Calendar changes to be discussed at VISD board meeting
Jan. 14, 2014 at 7:01 p.m.
Updated Jan. 14, 2014 at 7:15 p.m.
IF YOU GO
• WHAT: Victoria school district regular monthly board meeting
• WHEN: 6 p.m. Thursday
• WHERE: 102 Profit Drive
IF YOU FILE
Two Victoria school district board of trustees seats are up for grabs in the May 10 election. The first day to file is Jan. 29. The seats up for election are Districts 5 and 3 - currently served by board President Tami Keeling and L.J. "Lou" Svetlik, respectively.
The fall semester for the Victoria school district may end earlier next school year.
Proposed changes to the Victoria school district calendar would shift the end of the first semester from mid-January to before winter break in December, said Diane Boyett, VISD communications director.
This school year, the first semester ends Friday.
The Victoria school district board is slated to discuss the district calendar as well as new dual-credit course offerings at its regular monthly board meeting Thursday evening.
Under the proposed calendar, the school year would start Aug. 25 and end June 4, 2015, with a two-week winter break and one-week break for Thanksgiving and another for spring break, Boyett said.
During the 2012-13 school year, the winter break was shorter than two weeks, causing families inconveniences in travel, Boyett said.
Victoria West High School parent Leisha Dioguardi said her family had to cut their vacation to Australia - where her husband is from - short because of the abbreviated break during the 2012-13 school year.
"We took a trip there that was really quick," said Dioguardi, who has two students in high school. "From my perspective, I like having a longer break; it makes planning easier."
The winter break for this school year was a full two weeks.
Ending the school year after May will also make reaching out to students who need to retake their state standardized exams during the summer easier, Boyett said.
"The STAAR (State of Texas Assessments of Academic Readiness) test results don't come back until the end of May," Boyett said. "Having that extra time at the end of the school year helps us immensely."
Prior to adoption of the calendar, trustees will consider approving a state waiver requesting that five days from the instructional calendar be reserved for professional development time.
If granted, the Victoria school district would have 175 instructional days, and teachers would work 187 contract days.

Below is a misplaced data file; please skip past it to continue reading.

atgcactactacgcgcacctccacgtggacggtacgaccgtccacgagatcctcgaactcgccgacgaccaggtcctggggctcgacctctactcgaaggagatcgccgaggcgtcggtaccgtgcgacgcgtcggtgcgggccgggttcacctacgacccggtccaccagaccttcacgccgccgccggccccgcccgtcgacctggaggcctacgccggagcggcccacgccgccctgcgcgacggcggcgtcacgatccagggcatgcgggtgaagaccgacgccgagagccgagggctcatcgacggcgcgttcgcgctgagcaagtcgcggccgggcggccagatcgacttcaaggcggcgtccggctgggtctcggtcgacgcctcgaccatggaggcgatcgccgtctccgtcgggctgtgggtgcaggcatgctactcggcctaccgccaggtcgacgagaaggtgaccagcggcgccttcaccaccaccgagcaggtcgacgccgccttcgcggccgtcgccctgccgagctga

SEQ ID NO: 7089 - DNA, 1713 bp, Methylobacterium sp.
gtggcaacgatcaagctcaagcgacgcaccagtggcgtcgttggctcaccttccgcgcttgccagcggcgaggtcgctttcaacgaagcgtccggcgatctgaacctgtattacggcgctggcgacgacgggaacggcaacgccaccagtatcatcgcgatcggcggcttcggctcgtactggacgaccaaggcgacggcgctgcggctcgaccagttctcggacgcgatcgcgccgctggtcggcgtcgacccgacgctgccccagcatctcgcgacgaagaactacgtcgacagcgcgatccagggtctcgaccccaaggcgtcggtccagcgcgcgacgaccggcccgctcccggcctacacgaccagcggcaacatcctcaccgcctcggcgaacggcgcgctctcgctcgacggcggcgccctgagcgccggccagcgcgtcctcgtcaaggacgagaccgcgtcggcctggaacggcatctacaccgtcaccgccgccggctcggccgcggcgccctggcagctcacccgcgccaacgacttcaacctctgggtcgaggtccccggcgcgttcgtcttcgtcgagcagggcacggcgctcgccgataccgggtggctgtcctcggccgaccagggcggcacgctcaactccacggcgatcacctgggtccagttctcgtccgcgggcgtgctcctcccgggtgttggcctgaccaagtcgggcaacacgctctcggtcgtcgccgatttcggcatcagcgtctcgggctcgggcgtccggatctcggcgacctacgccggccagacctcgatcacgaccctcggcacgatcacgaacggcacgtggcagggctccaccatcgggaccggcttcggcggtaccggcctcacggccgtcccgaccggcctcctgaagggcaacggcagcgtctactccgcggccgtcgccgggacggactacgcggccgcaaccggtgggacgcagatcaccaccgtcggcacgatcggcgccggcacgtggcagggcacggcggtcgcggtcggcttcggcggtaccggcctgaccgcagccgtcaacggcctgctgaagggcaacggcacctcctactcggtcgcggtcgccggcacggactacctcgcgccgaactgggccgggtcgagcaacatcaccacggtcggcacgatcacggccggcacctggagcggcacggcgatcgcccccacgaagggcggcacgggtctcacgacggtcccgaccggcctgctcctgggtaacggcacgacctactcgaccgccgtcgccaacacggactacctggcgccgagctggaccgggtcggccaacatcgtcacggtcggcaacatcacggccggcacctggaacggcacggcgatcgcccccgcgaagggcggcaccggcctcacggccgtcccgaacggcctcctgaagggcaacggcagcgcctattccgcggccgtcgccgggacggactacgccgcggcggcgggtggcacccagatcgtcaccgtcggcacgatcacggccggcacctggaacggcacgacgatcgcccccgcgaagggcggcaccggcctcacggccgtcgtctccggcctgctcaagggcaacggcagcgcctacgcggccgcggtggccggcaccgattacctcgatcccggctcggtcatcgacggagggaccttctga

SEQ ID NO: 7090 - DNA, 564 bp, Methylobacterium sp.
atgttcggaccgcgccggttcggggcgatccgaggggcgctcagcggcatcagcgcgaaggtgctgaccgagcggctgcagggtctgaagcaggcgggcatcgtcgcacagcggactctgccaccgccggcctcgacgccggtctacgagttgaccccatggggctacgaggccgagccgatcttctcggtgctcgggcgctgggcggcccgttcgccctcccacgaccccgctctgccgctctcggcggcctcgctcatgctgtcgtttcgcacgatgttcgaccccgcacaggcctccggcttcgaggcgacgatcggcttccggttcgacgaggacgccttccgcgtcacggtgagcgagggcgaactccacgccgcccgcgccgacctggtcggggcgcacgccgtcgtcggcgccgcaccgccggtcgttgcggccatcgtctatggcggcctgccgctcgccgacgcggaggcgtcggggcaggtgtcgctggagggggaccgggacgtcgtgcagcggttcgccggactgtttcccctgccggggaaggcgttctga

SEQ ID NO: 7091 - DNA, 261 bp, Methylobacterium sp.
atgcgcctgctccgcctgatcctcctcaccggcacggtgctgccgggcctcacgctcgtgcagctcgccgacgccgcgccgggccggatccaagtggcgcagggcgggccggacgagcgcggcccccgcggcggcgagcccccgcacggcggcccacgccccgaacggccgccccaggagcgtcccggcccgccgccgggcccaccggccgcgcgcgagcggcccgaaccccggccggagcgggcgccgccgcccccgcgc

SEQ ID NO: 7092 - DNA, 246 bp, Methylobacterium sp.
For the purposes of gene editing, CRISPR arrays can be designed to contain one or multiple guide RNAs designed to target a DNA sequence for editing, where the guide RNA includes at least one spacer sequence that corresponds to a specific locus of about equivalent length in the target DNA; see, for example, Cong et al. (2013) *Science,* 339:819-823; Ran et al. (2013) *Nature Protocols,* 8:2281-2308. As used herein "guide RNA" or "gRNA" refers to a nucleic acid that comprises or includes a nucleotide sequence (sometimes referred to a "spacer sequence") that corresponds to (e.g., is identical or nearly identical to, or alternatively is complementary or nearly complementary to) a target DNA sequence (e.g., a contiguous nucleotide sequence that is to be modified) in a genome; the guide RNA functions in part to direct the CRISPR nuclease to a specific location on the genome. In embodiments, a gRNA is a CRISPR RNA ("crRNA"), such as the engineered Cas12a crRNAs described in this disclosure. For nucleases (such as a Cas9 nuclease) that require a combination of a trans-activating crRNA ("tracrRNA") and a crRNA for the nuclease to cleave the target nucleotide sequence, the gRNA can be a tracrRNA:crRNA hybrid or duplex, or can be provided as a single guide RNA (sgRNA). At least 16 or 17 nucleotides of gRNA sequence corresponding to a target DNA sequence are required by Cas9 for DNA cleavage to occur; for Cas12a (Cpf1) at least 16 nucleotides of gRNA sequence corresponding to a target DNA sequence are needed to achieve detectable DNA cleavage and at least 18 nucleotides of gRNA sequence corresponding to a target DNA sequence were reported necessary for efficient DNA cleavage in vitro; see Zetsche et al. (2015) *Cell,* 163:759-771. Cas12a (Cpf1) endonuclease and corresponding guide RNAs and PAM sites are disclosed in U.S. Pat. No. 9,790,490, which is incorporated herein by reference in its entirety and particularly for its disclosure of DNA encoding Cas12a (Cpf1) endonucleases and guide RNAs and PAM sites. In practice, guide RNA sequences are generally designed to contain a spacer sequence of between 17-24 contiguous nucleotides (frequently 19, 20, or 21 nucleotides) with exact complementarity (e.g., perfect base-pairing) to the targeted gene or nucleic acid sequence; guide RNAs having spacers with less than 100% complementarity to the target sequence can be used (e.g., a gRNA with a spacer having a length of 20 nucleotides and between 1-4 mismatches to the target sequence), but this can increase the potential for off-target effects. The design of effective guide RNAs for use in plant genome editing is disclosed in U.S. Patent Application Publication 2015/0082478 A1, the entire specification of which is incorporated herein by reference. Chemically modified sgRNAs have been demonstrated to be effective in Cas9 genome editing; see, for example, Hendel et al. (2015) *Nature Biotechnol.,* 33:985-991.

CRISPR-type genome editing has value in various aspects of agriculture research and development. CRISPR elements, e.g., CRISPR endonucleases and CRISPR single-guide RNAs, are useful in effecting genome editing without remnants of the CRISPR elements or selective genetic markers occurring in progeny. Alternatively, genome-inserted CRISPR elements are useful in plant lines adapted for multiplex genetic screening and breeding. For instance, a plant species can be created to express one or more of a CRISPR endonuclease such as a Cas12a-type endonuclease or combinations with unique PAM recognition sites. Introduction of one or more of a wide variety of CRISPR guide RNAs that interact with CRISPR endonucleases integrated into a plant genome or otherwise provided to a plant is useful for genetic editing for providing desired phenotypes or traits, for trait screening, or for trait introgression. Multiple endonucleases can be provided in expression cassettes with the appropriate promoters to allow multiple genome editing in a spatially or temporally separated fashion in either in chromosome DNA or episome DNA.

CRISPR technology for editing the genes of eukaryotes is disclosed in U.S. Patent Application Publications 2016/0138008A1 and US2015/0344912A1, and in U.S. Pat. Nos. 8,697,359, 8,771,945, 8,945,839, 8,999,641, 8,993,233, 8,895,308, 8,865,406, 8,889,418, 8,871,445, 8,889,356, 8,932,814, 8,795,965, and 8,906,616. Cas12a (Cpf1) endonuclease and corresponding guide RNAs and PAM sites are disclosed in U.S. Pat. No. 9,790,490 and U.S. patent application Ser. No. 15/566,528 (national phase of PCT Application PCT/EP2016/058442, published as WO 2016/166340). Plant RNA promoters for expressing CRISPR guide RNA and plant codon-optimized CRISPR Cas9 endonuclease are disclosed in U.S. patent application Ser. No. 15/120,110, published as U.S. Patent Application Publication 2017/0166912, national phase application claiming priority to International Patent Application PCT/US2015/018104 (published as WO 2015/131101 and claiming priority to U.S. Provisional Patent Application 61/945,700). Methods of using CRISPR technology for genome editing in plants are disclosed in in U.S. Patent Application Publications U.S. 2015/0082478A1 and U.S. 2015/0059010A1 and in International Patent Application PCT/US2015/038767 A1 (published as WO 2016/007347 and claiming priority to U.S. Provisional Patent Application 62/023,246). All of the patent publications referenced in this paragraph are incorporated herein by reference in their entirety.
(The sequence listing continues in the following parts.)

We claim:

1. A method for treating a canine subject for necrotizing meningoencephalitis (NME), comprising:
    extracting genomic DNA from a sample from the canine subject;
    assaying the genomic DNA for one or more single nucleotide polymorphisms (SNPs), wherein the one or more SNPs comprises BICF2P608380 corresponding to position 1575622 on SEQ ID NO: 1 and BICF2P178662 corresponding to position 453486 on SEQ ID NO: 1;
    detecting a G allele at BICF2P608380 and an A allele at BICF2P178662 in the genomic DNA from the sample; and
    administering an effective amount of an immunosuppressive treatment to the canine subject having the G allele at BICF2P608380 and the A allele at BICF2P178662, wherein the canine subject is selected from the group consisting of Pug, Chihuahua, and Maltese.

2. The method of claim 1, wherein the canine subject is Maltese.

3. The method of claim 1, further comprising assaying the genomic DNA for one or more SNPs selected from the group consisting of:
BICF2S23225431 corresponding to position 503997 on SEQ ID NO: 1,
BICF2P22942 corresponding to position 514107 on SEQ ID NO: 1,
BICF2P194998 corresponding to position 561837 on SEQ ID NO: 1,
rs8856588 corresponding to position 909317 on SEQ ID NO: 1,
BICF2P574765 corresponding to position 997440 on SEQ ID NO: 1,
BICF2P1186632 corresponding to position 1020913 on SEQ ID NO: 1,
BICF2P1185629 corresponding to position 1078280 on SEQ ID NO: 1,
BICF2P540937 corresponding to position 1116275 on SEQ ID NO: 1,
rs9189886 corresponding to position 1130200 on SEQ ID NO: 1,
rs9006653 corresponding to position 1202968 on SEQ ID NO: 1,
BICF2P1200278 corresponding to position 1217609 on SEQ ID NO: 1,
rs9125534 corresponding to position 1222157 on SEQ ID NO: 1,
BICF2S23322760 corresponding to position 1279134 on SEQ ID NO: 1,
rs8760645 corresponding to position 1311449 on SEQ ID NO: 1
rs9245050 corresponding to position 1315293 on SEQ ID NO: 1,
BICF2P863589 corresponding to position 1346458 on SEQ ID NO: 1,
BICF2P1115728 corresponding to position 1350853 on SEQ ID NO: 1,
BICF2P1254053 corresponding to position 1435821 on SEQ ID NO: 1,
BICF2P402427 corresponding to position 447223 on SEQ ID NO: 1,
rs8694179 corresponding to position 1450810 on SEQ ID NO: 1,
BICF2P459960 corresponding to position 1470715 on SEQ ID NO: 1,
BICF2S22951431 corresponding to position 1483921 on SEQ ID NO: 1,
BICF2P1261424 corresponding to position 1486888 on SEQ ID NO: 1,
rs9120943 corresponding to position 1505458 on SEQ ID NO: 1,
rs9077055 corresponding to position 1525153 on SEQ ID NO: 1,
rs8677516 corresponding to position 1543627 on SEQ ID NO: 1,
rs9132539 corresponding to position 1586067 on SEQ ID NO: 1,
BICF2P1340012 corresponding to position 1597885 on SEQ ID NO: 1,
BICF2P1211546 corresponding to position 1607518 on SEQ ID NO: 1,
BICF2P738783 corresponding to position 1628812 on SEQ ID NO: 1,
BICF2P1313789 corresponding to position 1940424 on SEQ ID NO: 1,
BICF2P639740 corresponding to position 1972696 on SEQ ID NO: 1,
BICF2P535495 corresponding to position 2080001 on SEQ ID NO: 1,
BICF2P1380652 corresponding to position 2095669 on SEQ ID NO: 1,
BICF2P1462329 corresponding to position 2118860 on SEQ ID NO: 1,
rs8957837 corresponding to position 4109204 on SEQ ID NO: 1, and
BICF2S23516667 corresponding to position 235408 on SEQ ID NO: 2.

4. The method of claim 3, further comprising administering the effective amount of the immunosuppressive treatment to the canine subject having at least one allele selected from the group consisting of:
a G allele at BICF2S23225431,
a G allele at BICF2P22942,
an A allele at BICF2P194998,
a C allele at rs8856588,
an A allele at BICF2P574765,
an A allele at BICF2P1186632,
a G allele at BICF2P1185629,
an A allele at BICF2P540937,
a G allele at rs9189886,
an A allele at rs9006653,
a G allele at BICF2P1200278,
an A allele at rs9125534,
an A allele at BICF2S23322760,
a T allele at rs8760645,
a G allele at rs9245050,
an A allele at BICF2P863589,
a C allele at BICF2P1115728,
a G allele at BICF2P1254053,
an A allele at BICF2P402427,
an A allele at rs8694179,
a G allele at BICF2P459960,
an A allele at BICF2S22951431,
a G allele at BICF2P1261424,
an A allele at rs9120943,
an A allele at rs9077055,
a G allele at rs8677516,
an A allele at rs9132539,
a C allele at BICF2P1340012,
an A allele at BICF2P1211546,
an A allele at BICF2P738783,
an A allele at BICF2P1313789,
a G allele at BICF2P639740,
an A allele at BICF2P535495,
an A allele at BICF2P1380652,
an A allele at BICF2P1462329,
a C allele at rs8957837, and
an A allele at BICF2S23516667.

The average length of the American school year is 180 days, according to the National Center on Time and Learning.
"We've been asking for this same waiver the last couple of years," Boyett said. "This way, teachers will be able to gain some insight through the school year and put their new strategies to work immediately in the classroom."
In other business, trustees are expected to learn about new high school course offerings through the district's dual-credit partnership with Victoria College.
"We're going to be able to expand our dual-credit course offerings this year; we couldn't do that without Victoria College," Boyett said. "We're very fortunate to have a community college here that wants to work with the high schools."
New courses in various subject areas will be available during the next school year, Boyett said.
The district also expects to include firefighter training through its partnership with the college, Boyett said.
"They'll be able to transfer over their credits to the college and complete the rest of their certification at Victoria College," Boyett said.
At Thursday's meeting, the college will be presented with the district's "You Make A Difference Award" for its support of the school district.
"They put their staff members on our campuses to help students fill out their college applications and financial aid packets," Boyett said.
Because January is School Board Recognition Month, trustees also will be recognized Thursday.
Over the past 12 months, Victoria school board members have logged more than 242 training hours total, not including time spent at board meetings and school events, Boyett said.
"They don't get paid to do this," Boyett said. "Their compensation is knowing they are making a difference."